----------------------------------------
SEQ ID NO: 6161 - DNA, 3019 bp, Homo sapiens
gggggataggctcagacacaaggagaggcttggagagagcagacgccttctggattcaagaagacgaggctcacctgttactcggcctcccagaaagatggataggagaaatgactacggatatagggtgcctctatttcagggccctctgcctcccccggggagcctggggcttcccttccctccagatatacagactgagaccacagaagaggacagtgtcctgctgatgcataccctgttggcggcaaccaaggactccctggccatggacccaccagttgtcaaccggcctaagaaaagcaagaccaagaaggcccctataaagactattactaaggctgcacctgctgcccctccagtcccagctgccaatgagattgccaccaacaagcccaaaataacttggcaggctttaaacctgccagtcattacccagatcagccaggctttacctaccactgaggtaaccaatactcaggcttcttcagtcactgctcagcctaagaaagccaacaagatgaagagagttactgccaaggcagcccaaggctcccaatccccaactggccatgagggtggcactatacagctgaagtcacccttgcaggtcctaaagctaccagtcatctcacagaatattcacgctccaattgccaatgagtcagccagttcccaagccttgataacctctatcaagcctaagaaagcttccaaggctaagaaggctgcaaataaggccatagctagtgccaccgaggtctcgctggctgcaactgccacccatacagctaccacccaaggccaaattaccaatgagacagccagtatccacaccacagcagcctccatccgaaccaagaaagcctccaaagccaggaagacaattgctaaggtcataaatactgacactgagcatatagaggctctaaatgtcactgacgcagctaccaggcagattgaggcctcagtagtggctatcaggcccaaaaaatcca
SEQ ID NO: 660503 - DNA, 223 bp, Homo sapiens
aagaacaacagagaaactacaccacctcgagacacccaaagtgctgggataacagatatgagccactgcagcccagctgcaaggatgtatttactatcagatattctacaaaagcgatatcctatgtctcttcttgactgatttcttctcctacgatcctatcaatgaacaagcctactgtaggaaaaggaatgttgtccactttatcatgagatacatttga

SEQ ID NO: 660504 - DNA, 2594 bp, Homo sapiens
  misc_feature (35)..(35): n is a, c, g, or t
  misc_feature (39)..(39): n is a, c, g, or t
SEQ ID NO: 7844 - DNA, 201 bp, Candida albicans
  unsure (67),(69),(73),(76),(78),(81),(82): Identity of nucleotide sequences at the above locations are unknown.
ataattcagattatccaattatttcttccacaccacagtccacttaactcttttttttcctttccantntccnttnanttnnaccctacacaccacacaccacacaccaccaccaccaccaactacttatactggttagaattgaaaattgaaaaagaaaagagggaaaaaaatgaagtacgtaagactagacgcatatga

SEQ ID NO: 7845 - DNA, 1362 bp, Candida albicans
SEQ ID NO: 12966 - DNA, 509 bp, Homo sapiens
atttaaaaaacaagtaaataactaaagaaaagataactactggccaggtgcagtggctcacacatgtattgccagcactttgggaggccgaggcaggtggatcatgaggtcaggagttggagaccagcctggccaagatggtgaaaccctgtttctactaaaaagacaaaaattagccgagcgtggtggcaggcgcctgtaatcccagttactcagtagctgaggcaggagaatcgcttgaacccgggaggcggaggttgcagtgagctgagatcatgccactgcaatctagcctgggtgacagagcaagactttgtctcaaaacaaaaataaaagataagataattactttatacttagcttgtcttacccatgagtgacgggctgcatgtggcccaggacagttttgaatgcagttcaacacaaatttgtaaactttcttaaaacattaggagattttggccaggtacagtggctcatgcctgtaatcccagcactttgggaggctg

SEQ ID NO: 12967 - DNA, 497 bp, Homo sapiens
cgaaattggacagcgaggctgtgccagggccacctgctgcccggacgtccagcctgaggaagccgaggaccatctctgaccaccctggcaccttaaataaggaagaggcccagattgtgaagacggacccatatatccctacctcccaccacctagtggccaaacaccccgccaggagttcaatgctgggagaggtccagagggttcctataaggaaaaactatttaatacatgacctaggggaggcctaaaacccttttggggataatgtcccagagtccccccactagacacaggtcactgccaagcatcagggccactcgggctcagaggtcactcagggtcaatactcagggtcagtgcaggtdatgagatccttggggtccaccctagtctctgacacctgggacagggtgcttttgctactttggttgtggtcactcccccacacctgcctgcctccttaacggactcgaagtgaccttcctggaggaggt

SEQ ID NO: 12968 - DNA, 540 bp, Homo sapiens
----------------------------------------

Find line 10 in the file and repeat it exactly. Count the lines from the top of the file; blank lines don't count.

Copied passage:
ataattcagattatccaattatttcttccacaccacagtccacttaactcttttttttcctttccantntccnttnanttnnaccctacacaccacacaccacacaccaccaccaccaccaactacttatactggttagaattgaaaattgaaaaagaaaagagggaaaaaaatgaagtacgtaagactagacgcatatga